A day before he planned to visit the flood-devastated Houston area, President Donald Trump sent a letter to Congress, seeking nearly $8 billion in aid for relief and recovery efforts in Texas and Louisiana.
The request, considered just an initial Harvey relief package, includes $7.4 billion for the Federal Emergency Management Agency’s (FEMA) rapidly dwindling disaster aid fund and $450 million for disaster loans to small-business owners.
Trump and first lady Melania Trump will visit Houston on Saturday as well as Lake Charles, Louisiana, which has also been battered by the storm, to meet with storm survivors and to see firsthand the damage caused by flooding. It will be their second visit to the region this week.
“The president and his Homeland Security team and the entire administration continue to focus on the lives and safety of those affected by Hurricane Harvey in Texas and Louisiana,” White House spokeswoman Sarah Sanders said.
Trump also signed an executive order designating Sunday as a “Day of Prayer” for the victims of Harvey.
Search and rescue
On Friday, rescuers continued their search for survivors in Texas one week after Hurricane Harvey began sweeping through the Gulf Coast region dumping unprecedented amounts of rain. Houston Mayor Sylvester Turner warned some residents that their homes may not dry out for weeks.
The storm has displaced more than 1 million people and claimed the lives of at least 39 others.
As floodwaters began to recede Friday, some of the luckier Texans began returning to their homes to begin the sobering task of assessing the damage inflicted by Harvey.
However, Turner called for more evacuations in western neighborhoods of the city that are near two overflowing reservoirs. The Army Corps of Engineers continues to intentionally flood those areas to prevent dam and levee failures, and Sylvester said up to 20,000 homes will remain flooded for another two weeks.
Houston-area officials said Friday that 156,000 homes have been damaged in Harris County, which includes Houston, the country’s fourth most populous city.
Nearly 100 centimeters of rain
The National Weather Service reported that Houston was inundated with more than 99 centimeters (about 39 inches) of rain in August, more than twice as much as the previous monthly record.
Meteorologist Jeff Lindner said Clear Creek, Texas, nearly 50 kilometers (31 miles) southeast of Houston, received the most rainfall: 120 centimeters (47 inches).
Meanwhile, a new fire broke out Friday evening at a chemical plant in Crosby, northeast of Houston, sending a giant plume of thick black smoke into the air. It was the second fire in two days.
The Environmental Protection Agency said late Friday that it flew a plane through the chemical plant fire to monitor for any airborne toxic chemicals. The EPA said in a statement that a preliminary analysis of the data showed that “although the fire has extreme intensity generating smoke, no high levels of toxic chemical have been detected.”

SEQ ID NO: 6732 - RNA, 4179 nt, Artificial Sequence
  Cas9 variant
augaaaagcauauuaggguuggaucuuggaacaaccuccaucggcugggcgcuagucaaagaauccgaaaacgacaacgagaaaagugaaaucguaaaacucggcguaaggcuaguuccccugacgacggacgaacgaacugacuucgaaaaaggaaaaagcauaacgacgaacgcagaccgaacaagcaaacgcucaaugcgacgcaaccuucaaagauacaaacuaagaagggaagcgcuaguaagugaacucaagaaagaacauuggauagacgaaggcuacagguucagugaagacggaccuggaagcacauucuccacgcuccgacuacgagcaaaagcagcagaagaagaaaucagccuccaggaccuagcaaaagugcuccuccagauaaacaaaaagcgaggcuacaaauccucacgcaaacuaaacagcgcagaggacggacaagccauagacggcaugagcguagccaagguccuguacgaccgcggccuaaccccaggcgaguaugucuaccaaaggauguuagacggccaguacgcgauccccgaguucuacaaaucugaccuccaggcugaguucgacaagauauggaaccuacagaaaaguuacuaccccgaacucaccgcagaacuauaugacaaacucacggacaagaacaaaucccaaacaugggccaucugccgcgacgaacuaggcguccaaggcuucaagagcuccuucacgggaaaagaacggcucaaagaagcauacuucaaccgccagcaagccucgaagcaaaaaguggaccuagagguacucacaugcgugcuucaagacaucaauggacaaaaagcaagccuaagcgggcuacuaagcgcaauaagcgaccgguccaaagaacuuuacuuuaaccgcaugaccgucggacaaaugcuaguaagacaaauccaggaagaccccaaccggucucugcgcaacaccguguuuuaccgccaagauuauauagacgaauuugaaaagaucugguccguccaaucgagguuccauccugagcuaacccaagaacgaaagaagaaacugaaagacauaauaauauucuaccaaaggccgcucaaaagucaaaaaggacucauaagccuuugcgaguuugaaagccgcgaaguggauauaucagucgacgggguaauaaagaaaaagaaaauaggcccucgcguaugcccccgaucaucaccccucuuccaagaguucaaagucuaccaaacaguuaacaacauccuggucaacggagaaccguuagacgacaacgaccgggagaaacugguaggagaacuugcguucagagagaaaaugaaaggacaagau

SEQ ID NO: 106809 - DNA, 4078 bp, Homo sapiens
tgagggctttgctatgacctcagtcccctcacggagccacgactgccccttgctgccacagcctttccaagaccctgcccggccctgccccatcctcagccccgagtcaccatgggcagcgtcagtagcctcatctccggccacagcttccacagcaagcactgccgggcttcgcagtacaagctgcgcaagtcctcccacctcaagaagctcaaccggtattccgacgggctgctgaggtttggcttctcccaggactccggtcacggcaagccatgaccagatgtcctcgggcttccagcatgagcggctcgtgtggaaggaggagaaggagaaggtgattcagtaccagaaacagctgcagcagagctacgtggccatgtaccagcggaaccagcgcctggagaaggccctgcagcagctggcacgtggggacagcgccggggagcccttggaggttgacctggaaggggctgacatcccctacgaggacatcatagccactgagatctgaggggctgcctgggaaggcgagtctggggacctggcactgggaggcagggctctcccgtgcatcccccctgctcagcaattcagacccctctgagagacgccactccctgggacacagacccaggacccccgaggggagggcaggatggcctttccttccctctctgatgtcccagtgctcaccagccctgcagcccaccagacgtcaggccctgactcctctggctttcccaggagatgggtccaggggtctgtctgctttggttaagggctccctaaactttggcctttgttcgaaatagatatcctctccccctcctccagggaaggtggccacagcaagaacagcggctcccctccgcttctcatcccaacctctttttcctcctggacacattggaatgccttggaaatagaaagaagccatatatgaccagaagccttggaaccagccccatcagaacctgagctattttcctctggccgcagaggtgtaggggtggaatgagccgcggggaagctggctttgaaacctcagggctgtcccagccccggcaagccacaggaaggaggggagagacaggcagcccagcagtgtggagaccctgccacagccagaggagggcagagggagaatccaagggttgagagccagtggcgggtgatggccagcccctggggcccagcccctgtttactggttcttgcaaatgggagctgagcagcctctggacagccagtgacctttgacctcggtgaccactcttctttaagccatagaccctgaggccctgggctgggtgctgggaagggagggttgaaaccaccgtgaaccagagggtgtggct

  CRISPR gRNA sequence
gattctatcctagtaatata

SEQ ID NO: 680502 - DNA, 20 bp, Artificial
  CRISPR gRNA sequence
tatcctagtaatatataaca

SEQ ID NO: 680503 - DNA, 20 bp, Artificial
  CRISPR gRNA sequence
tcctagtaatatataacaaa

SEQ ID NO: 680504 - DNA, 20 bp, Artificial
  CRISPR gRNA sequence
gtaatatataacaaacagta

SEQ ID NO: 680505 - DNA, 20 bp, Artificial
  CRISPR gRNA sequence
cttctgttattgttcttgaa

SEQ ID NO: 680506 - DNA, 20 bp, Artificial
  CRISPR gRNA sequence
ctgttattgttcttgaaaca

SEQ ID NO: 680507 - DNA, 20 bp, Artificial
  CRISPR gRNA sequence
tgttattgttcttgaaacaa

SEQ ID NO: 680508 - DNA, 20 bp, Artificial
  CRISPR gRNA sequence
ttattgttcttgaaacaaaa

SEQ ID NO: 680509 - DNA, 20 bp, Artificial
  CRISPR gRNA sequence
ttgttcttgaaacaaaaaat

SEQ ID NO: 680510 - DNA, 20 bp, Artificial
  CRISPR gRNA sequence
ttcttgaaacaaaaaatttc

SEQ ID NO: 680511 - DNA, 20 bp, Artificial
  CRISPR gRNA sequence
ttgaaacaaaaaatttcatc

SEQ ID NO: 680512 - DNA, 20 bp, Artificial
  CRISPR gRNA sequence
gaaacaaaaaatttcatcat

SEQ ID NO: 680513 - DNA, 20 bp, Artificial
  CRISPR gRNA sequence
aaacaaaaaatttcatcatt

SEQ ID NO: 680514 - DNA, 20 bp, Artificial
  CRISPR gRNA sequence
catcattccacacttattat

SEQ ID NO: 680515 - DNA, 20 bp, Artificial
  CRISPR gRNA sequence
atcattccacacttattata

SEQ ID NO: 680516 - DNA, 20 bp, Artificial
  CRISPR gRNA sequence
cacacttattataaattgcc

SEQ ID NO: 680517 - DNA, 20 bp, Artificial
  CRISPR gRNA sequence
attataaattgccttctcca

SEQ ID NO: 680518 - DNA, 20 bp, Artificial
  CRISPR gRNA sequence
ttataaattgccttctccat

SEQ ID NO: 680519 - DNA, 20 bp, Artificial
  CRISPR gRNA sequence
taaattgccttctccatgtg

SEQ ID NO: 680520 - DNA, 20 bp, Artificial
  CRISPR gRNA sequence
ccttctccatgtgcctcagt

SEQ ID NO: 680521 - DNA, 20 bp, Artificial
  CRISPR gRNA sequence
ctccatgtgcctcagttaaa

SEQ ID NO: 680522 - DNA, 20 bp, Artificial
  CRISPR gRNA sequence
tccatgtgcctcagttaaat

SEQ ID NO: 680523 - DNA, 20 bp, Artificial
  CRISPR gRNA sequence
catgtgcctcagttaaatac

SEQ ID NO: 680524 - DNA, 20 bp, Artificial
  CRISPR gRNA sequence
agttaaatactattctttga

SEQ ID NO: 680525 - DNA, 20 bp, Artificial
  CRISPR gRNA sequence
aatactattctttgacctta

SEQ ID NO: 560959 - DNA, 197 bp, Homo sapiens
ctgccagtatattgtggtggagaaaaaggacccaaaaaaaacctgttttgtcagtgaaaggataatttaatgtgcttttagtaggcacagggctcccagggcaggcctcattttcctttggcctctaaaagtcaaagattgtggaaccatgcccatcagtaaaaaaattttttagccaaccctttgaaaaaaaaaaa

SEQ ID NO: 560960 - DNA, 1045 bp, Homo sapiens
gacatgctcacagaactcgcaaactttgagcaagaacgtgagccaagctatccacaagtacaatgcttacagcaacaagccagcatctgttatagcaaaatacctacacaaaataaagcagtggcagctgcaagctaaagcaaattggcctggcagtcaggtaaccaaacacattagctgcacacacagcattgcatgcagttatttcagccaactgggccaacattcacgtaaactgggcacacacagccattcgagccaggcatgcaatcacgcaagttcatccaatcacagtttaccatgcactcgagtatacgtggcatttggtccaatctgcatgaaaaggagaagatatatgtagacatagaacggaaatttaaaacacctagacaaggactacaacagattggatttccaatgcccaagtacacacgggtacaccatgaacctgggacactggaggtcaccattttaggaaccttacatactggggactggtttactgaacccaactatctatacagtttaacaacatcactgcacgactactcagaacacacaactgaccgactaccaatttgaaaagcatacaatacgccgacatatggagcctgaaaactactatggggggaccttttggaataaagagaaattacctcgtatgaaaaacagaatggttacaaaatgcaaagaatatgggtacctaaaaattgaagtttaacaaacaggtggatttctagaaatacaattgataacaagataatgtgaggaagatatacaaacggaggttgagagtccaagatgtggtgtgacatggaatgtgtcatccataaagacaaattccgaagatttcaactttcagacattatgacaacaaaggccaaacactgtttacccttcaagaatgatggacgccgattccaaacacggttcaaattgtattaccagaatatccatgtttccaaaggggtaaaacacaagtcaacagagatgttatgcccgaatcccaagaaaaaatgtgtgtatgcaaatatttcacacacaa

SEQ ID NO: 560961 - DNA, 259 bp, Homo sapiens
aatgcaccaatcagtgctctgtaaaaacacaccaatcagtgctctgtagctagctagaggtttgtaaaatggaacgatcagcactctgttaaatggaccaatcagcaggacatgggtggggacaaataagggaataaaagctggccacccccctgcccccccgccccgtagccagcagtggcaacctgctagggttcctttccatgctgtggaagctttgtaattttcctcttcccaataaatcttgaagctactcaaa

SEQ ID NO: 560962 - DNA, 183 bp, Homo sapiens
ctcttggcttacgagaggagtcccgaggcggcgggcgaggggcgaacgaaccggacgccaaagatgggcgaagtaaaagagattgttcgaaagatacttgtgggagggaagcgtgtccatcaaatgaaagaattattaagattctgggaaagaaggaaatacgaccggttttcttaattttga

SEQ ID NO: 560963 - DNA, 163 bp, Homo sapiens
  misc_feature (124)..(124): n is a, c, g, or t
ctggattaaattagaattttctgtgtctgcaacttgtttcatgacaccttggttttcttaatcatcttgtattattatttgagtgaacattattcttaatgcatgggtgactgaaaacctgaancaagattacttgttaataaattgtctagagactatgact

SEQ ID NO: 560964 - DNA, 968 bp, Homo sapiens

On Thursday, after the first explosion, 15 public safety officers were hospitalized after inhaling fumes from chemical fires. Officials established a 2.4 kilometer (1.5 miles) evacuation zone around the plant and have warned of the possibility of more blazes.
Officials in the city of Beaumont, about 170 kilometers (105 miles) northeast of Houston, said Friday the city has gotten back some of its water service after floodwaters knocked out municipal pumps. Officials are advising residents who have gotten water pressure back to boil their water before drinking it. Officials say they are also trying to bring in bottled water for residents.
In Harris County, which includes Houston, residents contemplated the daunting task of rebuilding their lives, with one group of people grappling with a special set of concerns. Immigrants who are in the country illegally are afraid that if they apply for help they will be arrested. Outreach workers have been deployed to reassure them that they will not be detained when they seek help.
Houston Mayor Turner had said earlier in the week he would personally represent anyone arrested on immigration violations after seeking help.
Cesar Espinosa, executive director of Immigrant Families and Students in the Struggle, said Turner’s statement was a “big deal” for immigrants. “When they hear it from an official, they say, ‘OK, now we believe it,’” he added.
Immigration and Customs Enforcement has said it is “not conducting immigration enforcement operations in the affected area.”
Nearly 780,000 Texans had been ordered to evacuate their homes and 980,000 more fled voluntarily, according to federal estimates.
Tens of thousands of people are packed into evacuation centers throughout the region.
Thousands of Harris County residents who are in shelters have lost everything, including their homes. Harris Country (Texas) FEMA Director Tom Fargione said his agency’s priority now is to relocate people who have lost their homes into some form of temporary housing.
“This is a tremendous disaster in terms of size and scope,” Fargione said Thursday.
The storm shut down about a fourth of U.S. refinery capacity, much of which is located along the Gulf Coast, and caused gasoline prices to spike ahead of the Labor Day holiday weekend.
Several refineries on the East Coast have run out of gasoline, raising fears that travelers will face fuel shortages during the three-day holiday weekend.
Concerns over supplies have led the U.S. Energy Department to authorize the release of up to 4.5 million barrels of oil from the Strategic Petroleum Reserve.
Harvey, which has lost its tropical cyclone characteristics, moved eastward Friday toward the Ohio Valley, the National Weather Service reported, paving the way for President Trump’s second visit to Texas this week.
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